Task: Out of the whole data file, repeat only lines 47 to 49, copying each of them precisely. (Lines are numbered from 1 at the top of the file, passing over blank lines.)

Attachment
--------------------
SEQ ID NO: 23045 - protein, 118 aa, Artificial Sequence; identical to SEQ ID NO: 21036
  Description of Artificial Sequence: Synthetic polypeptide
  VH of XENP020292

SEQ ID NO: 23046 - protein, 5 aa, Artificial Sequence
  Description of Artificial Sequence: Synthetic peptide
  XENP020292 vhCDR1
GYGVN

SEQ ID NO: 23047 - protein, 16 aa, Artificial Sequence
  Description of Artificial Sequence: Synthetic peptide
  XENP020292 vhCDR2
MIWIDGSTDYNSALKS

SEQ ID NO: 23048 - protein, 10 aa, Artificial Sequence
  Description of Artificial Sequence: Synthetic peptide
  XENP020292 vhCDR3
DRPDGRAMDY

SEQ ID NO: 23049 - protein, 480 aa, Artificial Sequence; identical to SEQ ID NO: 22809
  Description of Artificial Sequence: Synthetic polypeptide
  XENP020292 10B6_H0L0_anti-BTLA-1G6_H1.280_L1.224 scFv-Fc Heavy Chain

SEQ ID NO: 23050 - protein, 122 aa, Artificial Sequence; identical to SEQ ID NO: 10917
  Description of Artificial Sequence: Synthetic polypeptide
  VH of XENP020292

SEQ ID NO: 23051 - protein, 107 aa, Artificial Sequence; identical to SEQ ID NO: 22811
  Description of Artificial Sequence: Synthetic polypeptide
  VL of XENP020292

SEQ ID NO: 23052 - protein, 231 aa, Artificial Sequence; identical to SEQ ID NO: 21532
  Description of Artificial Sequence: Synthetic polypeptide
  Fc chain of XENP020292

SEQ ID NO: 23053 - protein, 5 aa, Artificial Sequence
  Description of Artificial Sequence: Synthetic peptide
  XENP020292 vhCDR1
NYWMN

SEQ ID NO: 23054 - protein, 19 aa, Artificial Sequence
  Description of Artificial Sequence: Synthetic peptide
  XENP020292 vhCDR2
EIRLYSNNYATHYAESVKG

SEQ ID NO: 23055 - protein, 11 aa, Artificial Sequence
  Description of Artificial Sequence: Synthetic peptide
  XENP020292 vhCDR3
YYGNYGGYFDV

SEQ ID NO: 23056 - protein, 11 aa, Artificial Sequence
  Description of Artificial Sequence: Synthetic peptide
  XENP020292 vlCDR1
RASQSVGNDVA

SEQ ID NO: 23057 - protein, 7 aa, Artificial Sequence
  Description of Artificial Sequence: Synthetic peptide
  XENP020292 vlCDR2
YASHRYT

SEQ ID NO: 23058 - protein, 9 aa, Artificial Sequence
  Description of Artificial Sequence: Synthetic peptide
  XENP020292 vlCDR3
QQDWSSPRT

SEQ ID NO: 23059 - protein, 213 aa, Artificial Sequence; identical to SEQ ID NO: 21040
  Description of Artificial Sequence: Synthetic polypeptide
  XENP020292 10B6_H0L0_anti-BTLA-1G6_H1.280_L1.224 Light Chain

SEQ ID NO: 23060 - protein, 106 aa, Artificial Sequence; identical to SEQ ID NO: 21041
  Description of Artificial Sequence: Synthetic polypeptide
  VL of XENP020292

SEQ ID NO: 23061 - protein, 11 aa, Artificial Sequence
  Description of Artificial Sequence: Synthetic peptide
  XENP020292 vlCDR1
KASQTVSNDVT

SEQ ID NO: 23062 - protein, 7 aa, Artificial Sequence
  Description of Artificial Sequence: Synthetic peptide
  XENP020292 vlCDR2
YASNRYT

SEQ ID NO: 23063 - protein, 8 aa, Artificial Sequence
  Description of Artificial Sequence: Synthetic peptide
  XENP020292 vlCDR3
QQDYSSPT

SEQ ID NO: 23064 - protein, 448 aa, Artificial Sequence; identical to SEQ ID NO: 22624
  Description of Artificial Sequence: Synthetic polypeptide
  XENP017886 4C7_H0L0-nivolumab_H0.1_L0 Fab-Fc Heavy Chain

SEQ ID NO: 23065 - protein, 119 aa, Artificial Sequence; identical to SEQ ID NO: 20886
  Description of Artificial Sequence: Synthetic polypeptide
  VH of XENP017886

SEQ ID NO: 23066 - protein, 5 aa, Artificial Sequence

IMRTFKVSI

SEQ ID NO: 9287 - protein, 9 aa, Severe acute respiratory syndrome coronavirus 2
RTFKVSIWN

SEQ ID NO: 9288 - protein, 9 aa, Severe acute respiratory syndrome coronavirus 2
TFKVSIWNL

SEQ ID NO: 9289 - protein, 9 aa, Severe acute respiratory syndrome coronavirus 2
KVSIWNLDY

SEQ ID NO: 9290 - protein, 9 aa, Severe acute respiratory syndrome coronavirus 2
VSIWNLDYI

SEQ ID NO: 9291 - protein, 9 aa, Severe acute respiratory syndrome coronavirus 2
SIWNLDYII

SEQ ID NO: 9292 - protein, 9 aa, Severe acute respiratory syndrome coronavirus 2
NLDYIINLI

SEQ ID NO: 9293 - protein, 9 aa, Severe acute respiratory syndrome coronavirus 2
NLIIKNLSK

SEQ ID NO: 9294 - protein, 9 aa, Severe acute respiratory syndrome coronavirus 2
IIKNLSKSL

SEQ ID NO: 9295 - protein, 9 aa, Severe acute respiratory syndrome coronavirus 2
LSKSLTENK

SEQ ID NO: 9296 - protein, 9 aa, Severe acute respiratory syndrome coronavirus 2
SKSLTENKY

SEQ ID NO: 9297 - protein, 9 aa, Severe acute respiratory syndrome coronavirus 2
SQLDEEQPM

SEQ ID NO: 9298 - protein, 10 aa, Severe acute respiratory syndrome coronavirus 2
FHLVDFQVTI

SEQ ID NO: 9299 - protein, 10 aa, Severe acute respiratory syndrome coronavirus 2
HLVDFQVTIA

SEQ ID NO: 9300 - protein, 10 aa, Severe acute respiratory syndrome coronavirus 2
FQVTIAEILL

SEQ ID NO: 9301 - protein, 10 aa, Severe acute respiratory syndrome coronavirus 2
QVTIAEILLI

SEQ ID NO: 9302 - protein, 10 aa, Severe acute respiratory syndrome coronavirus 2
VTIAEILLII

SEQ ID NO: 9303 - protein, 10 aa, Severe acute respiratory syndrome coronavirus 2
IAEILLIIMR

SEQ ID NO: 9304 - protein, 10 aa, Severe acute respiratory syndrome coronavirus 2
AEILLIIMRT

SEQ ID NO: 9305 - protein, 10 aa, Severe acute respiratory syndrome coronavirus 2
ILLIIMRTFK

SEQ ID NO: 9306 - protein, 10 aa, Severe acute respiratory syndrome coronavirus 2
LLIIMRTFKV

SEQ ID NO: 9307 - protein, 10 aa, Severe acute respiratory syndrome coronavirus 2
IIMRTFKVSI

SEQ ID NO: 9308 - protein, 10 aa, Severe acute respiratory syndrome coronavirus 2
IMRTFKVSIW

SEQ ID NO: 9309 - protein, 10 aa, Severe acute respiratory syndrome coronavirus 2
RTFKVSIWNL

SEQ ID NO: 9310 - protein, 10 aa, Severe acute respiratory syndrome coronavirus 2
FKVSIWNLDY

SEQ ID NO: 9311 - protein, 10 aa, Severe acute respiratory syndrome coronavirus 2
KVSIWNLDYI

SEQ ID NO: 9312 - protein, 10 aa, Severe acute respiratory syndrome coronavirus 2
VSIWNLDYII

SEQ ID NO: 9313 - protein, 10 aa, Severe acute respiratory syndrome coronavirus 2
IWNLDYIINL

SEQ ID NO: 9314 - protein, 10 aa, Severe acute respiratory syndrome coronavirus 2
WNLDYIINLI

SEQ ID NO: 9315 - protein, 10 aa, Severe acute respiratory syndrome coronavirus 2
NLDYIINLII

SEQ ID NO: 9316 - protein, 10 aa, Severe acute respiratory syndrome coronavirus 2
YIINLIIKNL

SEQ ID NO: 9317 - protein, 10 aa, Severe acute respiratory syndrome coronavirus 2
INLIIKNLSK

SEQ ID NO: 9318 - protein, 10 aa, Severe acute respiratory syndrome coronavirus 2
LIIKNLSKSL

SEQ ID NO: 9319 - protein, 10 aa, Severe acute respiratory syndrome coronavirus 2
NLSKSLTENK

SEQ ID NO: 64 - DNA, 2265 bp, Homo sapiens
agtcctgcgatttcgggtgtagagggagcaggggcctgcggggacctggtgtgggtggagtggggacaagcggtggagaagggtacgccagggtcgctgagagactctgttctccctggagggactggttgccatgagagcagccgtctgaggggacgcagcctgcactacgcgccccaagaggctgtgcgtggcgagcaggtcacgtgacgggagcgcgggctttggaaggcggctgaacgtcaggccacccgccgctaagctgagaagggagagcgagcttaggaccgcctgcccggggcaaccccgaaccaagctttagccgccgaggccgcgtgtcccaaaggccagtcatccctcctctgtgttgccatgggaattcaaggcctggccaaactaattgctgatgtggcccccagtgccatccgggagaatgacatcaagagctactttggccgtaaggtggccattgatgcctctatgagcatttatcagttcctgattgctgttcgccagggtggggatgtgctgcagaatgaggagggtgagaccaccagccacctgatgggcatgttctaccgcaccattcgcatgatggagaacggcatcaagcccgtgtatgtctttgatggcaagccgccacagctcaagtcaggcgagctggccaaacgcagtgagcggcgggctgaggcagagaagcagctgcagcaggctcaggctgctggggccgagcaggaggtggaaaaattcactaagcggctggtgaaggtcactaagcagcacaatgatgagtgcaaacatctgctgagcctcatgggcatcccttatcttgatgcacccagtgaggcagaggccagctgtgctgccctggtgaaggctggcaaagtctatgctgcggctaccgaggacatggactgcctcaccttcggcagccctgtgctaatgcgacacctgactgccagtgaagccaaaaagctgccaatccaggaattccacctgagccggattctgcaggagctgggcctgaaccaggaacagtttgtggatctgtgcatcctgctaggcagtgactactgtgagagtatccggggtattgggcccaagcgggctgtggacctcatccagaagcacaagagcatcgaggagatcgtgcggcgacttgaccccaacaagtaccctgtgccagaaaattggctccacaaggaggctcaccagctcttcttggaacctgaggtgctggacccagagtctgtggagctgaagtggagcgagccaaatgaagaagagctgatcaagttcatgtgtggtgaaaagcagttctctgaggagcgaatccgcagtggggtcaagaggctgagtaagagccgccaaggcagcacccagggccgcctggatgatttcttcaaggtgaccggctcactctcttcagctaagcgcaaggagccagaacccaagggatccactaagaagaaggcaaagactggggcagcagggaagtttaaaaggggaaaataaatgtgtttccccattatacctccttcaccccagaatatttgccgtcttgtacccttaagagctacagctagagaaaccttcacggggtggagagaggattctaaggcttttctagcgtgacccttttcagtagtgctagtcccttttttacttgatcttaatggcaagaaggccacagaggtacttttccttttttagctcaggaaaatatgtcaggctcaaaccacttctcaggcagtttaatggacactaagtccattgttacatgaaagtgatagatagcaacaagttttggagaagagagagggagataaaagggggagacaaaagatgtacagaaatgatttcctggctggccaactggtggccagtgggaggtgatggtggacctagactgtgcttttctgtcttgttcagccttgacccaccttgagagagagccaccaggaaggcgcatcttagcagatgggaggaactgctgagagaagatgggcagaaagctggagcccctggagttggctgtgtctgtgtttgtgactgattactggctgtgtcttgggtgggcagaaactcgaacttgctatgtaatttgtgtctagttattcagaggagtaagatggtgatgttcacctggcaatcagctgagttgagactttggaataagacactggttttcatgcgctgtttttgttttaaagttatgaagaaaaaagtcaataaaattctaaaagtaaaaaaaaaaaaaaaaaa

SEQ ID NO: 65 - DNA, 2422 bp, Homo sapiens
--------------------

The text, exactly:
YASHRYT

SEQ ID NO: 23058 - protein, 9 aa, Artificial Sequence
  Description of Artificial Sequence: Synthetic peptide